Study on aquifer hydraulic properties using tidal response method for future groundwater development
The hydraulic properties of an island’s aquifers were studied using a tidal response method. Groundwater is the principal water resource on the studied island, and the investigations of the aquifer for future groundwater development are ongoing. The method consists of three parts: observations of groundwater levels at paired near-shore and relatively inland sites affected by the same ocean tide, decompositions of the collected groundwater time series to yield isolated tidal components, and application of basic formulas describing propagation of groundwater-level oscillations in aquifers for determining hydraulic parameters. The observations require only auto-logging groundwater-level meters that are commonly used these days. Employed were two decomposition techniques that are easy to implement using only the built-in functions of spreadsheet software. Digital high-pass filtering was used to separate the tidal components of semidiurnal and diurnal periods from longer-period components prior to the following isolation of tidal constituents. Basic formulas for the Fourier transform were used to isolate one tidal constituent with a specific period. The isolation of one tidal constituent helps to reduce errors in the hydraulic parameter calculations based on formulas using the amplitude attenuation and phase shift of sinusoidal oscillations of the groundwater level. The calculation of aquifer hydraulic parameters can also be done directly on a spreadsheet. The derived aquifer hydraulic parameters compared well with those that were previously reported based on a pumping test conducted on the same island. The results are now used as a basis for further investigation of sustainable groundwater development on the island.
KeywordsCoastal aquifer Tidal propagation Time series decomposition Aquifer properties Groundwater development
The authors are grateful to the Land Improvement General Office and successive Officers for Policy Planning in the Land Improvement Division of the Okinawa General Bureau, Cabinet Office of Japan, for their support and collaboration. Thanks are also to local government officials and the residents of Tarama Island for their understanding and cooperation in the field study. This work was partially supported by JSPS KAKENHI Grant Number JP17K08011.
Compliance with ethical standards
Conflict of interest
The authors declare that they have no conflict of interest.
- Ferris JG (1963) Cyclic water-level fluctuations as a basis for determining aquifer transmissibility. In: Bental R (comp) Methods of determining permeability, transmissibility and drawdown, US Geological Survey Water Supply Paper 1536-I, pp 305–318Google Scholar
- Imai R, Ohzeki M, Iryu Y (2013) Geologic ages of the Tarama Sandstone in the Tarama-jima, based on calcareous nannofossil biostratigraphy (in Japanese). Abstracts of the 120th Annual Meeting of the Geological Society of Japan, R5-P-25Google Scholar
- Japan Meteorological Agency (2017) http://www.data.jma.go.jp/obd/stats/etrn/view/nml_amd_ym.php?prec_no=91&block_no=1491&year=&month=&day=&view=. Accessed 23 Dec 2018
- Merritt ML (2004) Estimating hydraulic properties of the Floridan aquifer system by analysis of earth-tide, ocean-tide, and barometric effects, Collier and Hendry Counties, Florida. US Geological Survey Water-Resources Investigations Report 03-4267Google Scholar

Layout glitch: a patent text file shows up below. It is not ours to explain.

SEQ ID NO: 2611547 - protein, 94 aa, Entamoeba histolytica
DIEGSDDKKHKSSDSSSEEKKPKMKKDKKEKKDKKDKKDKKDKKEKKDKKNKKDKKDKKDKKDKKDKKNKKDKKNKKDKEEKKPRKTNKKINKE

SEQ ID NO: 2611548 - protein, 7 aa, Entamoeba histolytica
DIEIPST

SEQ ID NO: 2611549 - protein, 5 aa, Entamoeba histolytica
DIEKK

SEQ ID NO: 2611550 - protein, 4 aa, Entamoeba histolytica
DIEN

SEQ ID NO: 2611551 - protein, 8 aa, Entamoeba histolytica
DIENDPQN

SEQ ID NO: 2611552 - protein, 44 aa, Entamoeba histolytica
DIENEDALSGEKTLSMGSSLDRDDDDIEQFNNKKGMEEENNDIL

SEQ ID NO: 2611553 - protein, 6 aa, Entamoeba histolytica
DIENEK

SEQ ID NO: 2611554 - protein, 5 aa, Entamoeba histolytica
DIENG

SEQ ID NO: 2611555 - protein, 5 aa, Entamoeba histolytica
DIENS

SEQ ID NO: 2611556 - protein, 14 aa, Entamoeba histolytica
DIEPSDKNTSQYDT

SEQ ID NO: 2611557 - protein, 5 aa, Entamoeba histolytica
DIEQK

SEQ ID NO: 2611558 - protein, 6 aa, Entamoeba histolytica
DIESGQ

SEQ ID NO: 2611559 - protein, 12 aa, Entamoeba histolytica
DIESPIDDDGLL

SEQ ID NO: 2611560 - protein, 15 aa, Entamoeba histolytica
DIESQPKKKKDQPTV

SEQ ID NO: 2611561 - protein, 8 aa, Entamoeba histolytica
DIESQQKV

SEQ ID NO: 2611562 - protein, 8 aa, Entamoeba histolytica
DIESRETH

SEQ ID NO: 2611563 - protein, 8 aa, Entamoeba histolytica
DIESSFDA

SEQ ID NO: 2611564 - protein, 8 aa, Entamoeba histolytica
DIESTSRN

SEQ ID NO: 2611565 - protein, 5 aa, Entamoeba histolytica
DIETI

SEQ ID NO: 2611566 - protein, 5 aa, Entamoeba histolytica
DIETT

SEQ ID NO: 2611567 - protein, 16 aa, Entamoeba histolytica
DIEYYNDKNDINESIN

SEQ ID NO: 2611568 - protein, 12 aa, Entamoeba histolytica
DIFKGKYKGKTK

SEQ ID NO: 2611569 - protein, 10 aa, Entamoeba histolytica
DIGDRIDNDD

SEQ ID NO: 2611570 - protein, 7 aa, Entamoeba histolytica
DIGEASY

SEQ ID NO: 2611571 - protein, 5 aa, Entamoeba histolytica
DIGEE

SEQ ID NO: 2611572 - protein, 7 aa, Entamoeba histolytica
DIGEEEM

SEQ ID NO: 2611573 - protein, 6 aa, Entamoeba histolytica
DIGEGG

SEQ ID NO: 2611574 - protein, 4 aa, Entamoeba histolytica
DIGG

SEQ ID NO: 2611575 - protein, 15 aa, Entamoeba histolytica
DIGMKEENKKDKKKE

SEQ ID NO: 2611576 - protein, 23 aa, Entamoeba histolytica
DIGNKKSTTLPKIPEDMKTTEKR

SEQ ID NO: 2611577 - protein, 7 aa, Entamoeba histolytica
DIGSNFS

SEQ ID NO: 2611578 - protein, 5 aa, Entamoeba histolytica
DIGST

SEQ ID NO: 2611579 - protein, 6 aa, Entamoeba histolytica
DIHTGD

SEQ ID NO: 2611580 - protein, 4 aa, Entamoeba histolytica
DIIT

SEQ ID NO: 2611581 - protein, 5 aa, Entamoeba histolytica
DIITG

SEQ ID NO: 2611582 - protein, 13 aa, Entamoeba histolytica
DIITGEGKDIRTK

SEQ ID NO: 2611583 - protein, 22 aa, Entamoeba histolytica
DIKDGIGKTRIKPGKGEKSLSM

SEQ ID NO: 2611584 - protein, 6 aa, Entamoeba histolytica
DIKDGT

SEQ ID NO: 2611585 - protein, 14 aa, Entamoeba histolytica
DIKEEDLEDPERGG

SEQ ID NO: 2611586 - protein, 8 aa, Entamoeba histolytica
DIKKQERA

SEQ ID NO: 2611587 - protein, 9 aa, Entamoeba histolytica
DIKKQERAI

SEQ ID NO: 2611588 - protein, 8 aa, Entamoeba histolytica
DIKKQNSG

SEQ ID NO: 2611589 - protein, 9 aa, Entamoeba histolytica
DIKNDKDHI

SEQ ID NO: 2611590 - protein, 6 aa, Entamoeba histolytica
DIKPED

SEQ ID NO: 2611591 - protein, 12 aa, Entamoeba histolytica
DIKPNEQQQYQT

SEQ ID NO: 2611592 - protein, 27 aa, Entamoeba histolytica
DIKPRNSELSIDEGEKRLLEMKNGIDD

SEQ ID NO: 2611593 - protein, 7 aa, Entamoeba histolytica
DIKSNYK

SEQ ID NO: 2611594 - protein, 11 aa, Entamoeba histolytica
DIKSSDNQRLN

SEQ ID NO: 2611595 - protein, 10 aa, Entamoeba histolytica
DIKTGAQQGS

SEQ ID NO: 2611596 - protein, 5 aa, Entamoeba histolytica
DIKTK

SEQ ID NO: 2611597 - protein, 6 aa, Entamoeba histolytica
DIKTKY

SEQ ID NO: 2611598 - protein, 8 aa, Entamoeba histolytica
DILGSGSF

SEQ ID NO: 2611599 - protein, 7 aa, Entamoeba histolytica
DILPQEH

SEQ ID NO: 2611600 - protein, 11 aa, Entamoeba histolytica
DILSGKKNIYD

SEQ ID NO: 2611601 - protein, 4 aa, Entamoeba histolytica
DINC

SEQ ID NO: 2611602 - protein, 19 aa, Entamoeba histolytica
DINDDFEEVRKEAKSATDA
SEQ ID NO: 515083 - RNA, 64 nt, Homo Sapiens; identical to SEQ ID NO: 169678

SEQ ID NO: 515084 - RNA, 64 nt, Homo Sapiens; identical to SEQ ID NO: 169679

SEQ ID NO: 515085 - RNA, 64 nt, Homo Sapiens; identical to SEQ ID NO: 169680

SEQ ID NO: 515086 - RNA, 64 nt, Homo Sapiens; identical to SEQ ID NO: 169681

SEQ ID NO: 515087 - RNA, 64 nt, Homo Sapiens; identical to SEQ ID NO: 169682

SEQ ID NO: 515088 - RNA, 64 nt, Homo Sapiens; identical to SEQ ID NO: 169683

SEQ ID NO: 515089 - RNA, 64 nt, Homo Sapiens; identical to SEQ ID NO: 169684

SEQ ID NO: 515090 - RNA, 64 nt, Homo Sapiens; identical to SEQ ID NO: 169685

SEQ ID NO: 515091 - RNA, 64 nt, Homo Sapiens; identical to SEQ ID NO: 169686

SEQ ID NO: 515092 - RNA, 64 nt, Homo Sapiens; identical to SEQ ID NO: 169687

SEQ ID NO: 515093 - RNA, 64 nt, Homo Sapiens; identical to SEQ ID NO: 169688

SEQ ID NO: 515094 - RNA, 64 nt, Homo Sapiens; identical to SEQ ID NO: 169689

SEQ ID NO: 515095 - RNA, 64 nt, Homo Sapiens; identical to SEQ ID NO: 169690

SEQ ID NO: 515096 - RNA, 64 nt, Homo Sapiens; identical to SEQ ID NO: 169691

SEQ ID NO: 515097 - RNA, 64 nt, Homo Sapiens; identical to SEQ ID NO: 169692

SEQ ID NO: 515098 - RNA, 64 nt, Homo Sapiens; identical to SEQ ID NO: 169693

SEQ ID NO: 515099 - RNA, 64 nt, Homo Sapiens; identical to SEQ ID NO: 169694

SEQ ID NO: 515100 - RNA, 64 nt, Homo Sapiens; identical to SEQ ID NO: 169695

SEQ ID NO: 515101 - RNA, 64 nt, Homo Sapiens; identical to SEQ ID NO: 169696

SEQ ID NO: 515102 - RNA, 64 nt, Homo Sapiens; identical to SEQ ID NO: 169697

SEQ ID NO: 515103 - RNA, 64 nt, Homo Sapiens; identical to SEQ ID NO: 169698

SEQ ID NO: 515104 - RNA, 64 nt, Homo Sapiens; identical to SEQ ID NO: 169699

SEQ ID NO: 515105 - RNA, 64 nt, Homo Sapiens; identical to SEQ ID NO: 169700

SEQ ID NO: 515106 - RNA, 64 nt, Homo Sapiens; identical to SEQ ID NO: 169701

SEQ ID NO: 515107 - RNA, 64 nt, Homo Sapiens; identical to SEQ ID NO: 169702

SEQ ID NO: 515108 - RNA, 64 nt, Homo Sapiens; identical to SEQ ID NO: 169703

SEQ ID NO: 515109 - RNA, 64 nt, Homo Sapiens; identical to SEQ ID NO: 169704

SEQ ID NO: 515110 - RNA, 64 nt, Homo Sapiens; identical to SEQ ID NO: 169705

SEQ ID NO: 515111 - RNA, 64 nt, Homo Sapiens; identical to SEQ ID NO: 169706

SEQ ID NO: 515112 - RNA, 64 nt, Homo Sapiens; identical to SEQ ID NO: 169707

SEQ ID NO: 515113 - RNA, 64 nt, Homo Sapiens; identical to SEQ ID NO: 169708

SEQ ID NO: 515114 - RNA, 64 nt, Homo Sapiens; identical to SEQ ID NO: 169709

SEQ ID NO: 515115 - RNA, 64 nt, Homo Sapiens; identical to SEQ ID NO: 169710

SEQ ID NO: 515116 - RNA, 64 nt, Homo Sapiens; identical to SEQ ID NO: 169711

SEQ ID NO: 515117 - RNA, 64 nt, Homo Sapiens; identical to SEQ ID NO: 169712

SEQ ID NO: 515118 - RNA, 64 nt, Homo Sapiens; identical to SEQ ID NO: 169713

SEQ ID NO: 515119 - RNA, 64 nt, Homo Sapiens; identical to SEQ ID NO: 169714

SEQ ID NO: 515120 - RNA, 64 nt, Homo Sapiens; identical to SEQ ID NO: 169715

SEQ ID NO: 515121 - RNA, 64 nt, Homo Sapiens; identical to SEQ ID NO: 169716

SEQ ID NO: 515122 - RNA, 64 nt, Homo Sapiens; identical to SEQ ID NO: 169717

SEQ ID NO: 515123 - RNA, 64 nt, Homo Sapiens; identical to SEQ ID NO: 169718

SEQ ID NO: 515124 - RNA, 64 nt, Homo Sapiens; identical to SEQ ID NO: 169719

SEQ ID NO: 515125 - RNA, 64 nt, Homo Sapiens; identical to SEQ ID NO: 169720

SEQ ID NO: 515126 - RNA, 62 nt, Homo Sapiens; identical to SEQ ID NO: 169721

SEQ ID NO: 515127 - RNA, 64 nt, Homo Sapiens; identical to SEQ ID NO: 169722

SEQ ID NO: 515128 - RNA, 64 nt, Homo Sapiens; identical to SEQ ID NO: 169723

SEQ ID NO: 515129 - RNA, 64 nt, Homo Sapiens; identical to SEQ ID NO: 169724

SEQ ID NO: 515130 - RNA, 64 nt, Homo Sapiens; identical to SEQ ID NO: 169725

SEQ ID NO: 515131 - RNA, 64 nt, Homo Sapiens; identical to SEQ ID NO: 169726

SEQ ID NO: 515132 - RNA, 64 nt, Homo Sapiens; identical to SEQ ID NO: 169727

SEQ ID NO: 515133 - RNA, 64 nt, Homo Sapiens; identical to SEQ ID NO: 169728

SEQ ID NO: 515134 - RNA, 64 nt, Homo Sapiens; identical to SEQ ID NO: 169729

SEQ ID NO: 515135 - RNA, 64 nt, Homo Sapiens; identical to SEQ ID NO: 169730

- Nielsen P (1990) Tidal dynamics of the water table in beaches. Water Resour Res 26(9):2127–2134Google Scholar
- Oga H, Furukawa H, Ogura I, Nishida T (1974) Groundwater of Tarama Island, Okinawa Prefecture (in Japanese). Abstracts of the 81st Annual Meeting of the Geological Society of Japan, 368Google Scholar
- Ohzeki M, Imai R, Takayanagi H, Iryu Y (2014) Stratigraphy and geologic age of the Ryukyu Group on Tarama-jima, Ryukyu Islands, Japan (in Japanese). Abstracts of the 121st Annual Meeting of the Geological Society of Japan, R5-P-19Google Scholar
- Shirahata K, Ishida S, Yoshimoto S, Tsuchihara T (2014) New simple method for estimating hydraulic properties of a freshwater-lens aquifer by analysis of tidal groundwater fluctuations (in Japanese with English summary). Tech Rep Natl Inst Rural Eng 215:141–154Google Scholar
- Shirahata K, Yoshimoto S, Tsuchihara T, Ishida S (2017b) Estimation of aquifer hydraulic parameters by analysis of groundwater-level time-series in coastal area (in Japanese). Geotech Eng Mag 65(9):24–25Google Scholar
- Smith AJ, Hick WP (2001) Hydrogeology and aquifer tidal propagation in Cockburn Sound, Western Australia. CSIRO Land and Water Technical Report 6/01Google Scholar
- Todd DK (ed) (1980) Groundwater levels and environmental influences. In: Groundwater hydrology, 2nd edn. Wiley, New York, pp 218–286Google Scholar
- Urish DW (1980) Asymmetric variation of Ghyben-Herzberg lens. J Hydraul Div Proc Am Soc Civil Eng 106(7):1149–1158Google Scholar
- Yamada S, Yonahara N, Sobue H (2009) The Quaternary coral reef complex deposits (Ryukyu Group) and hydrogeologic features on Tarama-jima, Okinawa Prefecture, Japan (in Japanese). Abstracts of the 116th Annual Meeting of the Geological Society of Japan, 83(O-91)Google Scholar
- Yazaki K (1977) Geology of the Taramashima District (in Japanese with English abstract). Quadrangle Series, Scale 1: 50,000, Miyako-jima (19) No. 5, Geological Survey of JapanGoogle Scholar